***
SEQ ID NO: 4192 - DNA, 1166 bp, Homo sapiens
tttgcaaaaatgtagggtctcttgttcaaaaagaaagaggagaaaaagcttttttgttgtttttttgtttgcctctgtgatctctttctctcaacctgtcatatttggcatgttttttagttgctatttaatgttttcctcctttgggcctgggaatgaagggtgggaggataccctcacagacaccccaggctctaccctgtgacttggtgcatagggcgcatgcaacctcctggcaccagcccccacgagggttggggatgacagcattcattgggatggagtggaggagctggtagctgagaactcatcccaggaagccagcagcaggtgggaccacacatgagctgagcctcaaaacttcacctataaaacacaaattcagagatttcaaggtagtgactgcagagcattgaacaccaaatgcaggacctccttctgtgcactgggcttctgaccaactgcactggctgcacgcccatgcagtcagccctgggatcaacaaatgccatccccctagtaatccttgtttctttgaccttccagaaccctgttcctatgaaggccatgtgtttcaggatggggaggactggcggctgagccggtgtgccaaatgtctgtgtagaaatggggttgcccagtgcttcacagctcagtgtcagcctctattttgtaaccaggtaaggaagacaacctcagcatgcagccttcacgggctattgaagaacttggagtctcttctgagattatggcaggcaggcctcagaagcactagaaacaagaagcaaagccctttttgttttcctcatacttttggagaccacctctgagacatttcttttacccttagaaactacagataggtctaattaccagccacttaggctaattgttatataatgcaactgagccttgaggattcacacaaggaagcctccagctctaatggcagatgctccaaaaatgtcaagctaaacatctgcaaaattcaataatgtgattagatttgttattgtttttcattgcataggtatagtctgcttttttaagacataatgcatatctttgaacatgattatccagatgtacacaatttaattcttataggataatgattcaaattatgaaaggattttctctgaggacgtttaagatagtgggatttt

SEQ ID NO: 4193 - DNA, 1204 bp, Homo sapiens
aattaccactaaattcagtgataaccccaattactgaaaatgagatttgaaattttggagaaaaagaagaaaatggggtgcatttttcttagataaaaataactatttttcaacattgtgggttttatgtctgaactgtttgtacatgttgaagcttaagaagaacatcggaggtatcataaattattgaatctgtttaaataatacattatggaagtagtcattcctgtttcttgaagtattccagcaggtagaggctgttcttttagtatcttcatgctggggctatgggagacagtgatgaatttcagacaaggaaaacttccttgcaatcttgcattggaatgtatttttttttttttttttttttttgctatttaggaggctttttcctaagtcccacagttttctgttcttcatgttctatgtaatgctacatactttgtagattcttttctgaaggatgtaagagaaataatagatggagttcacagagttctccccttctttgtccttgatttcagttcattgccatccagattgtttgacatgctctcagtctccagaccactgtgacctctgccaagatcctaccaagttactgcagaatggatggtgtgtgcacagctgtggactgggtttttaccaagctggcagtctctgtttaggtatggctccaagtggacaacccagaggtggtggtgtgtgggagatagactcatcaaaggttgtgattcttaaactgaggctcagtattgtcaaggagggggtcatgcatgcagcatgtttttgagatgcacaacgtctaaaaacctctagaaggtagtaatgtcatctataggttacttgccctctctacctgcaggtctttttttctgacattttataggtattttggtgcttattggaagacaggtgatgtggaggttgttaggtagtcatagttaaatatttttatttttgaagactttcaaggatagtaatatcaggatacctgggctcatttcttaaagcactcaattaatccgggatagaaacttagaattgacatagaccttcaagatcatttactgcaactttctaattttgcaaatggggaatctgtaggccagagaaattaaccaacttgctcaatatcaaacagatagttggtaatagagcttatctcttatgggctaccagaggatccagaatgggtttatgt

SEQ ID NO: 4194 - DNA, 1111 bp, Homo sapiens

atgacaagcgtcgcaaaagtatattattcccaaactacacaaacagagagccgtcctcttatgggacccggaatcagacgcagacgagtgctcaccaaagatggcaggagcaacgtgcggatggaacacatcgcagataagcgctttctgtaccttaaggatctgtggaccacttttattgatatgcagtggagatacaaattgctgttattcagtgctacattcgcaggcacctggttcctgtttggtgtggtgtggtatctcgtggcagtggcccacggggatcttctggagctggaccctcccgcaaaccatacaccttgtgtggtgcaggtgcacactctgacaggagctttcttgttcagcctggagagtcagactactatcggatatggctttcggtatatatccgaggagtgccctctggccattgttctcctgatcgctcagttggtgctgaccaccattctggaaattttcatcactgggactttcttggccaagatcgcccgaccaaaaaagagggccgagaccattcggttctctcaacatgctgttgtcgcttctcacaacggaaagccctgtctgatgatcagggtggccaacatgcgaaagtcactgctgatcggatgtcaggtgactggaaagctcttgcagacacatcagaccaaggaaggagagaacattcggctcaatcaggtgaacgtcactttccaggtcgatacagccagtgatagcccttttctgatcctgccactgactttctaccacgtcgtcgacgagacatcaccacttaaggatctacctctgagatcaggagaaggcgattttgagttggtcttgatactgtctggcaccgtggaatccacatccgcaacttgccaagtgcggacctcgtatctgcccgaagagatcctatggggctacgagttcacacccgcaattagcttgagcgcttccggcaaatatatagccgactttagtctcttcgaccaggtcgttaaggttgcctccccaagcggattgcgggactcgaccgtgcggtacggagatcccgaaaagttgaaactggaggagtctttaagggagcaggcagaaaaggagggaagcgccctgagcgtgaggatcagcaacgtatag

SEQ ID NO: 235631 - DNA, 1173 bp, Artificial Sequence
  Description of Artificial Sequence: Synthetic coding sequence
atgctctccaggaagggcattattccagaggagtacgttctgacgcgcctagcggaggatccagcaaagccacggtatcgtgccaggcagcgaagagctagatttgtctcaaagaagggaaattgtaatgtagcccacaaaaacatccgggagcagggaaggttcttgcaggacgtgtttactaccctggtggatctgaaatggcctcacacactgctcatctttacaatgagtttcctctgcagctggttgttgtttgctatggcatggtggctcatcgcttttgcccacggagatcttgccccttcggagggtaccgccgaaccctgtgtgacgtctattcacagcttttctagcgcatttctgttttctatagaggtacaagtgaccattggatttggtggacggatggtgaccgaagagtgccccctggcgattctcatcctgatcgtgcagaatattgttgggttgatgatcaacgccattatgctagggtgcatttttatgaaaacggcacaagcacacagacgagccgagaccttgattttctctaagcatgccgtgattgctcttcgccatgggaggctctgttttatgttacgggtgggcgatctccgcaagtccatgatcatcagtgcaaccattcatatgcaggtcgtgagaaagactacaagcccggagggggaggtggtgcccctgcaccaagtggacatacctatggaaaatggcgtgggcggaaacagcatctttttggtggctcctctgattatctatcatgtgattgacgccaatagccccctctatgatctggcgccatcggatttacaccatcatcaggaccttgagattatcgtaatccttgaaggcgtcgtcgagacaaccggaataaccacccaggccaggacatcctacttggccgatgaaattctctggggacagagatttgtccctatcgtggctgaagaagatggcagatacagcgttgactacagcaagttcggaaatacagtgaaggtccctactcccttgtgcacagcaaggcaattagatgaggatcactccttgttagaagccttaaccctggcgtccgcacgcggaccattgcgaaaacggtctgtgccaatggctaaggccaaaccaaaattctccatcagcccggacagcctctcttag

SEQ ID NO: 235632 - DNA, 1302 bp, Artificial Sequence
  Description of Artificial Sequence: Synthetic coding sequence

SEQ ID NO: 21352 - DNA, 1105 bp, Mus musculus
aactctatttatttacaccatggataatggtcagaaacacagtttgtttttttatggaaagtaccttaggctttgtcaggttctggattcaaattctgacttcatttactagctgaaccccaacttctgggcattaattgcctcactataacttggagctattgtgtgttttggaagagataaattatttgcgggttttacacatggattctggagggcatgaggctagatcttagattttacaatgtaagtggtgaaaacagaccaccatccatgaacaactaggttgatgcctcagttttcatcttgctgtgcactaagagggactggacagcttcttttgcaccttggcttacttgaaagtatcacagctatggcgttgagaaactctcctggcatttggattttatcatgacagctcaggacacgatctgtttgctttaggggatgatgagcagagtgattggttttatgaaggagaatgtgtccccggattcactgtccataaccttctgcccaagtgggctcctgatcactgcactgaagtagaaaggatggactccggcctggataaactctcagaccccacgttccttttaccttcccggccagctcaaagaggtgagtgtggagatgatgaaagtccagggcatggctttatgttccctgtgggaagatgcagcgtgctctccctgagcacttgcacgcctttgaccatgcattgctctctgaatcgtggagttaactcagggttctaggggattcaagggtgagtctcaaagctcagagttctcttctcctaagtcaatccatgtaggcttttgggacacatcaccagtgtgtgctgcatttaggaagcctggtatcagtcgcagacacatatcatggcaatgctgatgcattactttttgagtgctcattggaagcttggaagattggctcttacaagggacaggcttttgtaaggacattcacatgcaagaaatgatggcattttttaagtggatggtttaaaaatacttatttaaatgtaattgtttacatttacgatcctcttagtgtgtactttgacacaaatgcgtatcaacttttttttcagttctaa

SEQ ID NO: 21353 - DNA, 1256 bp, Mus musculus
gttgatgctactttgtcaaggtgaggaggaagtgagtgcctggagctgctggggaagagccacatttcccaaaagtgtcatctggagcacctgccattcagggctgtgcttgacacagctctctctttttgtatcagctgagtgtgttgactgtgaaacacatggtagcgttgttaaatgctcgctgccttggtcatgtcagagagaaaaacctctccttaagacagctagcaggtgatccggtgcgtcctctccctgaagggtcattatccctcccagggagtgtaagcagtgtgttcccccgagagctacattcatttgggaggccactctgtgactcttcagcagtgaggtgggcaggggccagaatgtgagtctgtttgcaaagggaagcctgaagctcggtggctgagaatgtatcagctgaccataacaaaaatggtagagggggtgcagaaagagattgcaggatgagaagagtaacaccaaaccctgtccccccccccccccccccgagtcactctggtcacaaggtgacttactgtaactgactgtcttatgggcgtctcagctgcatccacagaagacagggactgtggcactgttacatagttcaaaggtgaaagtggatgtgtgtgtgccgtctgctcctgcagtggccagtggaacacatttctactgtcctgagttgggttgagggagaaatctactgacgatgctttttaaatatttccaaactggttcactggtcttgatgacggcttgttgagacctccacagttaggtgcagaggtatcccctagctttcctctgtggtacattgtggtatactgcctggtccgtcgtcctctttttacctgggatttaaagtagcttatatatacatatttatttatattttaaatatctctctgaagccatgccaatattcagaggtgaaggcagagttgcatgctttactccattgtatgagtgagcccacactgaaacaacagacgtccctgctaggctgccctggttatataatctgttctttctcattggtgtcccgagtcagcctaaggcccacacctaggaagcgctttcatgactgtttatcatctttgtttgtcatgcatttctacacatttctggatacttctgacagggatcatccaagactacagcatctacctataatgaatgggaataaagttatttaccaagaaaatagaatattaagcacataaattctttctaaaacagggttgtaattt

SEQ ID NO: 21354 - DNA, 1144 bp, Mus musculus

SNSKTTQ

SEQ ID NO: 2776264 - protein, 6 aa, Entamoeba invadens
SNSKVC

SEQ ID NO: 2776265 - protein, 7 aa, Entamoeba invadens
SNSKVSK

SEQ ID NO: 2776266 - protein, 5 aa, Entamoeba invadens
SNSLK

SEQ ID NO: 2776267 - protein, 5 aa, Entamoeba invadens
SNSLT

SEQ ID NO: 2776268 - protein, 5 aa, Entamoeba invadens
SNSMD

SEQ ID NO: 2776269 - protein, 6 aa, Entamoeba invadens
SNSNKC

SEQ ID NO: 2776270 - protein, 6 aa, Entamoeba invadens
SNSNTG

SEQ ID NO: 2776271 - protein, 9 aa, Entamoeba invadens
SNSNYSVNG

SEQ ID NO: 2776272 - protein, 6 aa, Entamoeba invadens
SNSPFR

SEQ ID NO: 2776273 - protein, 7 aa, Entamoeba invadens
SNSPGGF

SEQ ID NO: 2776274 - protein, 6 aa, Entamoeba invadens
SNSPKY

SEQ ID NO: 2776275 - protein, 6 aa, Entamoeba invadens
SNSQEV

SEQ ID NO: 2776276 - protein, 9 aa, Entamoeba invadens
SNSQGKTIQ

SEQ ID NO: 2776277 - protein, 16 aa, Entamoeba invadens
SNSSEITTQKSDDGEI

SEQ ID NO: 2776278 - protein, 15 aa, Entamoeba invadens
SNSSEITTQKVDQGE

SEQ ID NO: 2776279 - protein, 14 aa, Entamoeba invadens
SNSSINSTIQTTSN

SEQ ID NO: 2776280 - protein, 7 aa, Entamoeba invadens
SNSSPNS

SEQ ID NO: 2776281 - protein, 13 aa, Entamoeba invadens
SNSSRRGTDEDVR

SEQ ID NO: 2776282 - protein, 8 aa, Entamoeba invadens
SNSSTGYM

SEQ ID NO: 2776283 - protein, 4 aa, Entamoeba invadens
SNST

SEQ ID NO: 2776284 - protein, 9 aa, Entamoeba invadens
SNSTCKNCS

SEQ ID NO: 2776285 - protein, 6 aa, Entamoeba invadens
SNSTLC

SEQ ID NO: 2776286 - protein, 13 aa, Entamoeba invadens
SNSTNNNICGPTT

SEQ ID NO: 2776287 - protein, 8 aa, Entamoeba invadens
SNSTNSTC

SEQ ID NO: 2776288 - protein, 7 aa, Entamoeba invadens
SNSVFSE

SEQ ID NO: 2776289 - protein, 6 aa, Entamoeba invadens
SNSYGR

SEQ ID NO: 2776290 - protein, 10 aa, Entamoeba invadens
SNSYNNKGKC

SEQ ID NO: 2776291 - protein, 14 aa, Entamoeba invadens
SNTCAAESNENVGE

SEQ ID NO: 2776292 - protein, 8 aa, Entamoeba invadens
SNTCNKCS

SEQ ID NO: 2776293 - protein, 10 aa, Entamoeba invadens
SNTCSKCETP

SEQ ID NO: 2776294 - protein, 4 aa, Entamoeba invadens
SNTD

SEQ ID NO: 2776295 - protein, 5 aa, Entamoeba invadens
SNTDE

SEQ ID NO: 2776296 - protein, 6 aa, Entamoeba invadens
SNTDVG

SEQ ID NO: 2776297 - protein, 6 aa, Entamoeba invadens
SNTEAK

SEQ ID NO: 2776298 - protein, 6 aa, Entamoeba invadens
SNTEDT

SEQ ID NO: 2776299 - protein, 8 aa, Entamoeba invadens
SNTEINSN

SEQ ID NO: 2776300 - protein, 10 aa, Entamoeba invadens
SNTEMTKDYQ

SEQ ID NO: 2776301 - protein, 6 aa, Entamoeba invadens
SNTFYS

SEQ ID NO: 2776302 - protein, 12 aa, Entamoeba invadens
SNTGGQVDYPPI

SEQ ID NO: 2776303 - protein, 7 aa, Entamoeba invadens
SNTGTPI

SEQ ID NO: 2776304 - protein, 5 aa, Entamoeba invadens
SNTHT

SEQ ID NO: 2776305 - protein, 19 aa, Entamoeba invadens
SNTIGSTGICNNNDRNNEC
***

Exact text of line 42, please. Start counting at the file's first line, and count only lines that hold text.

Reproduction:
SEQ ID NO: 2776276 - protein, 9 aa, Entamoeba invadens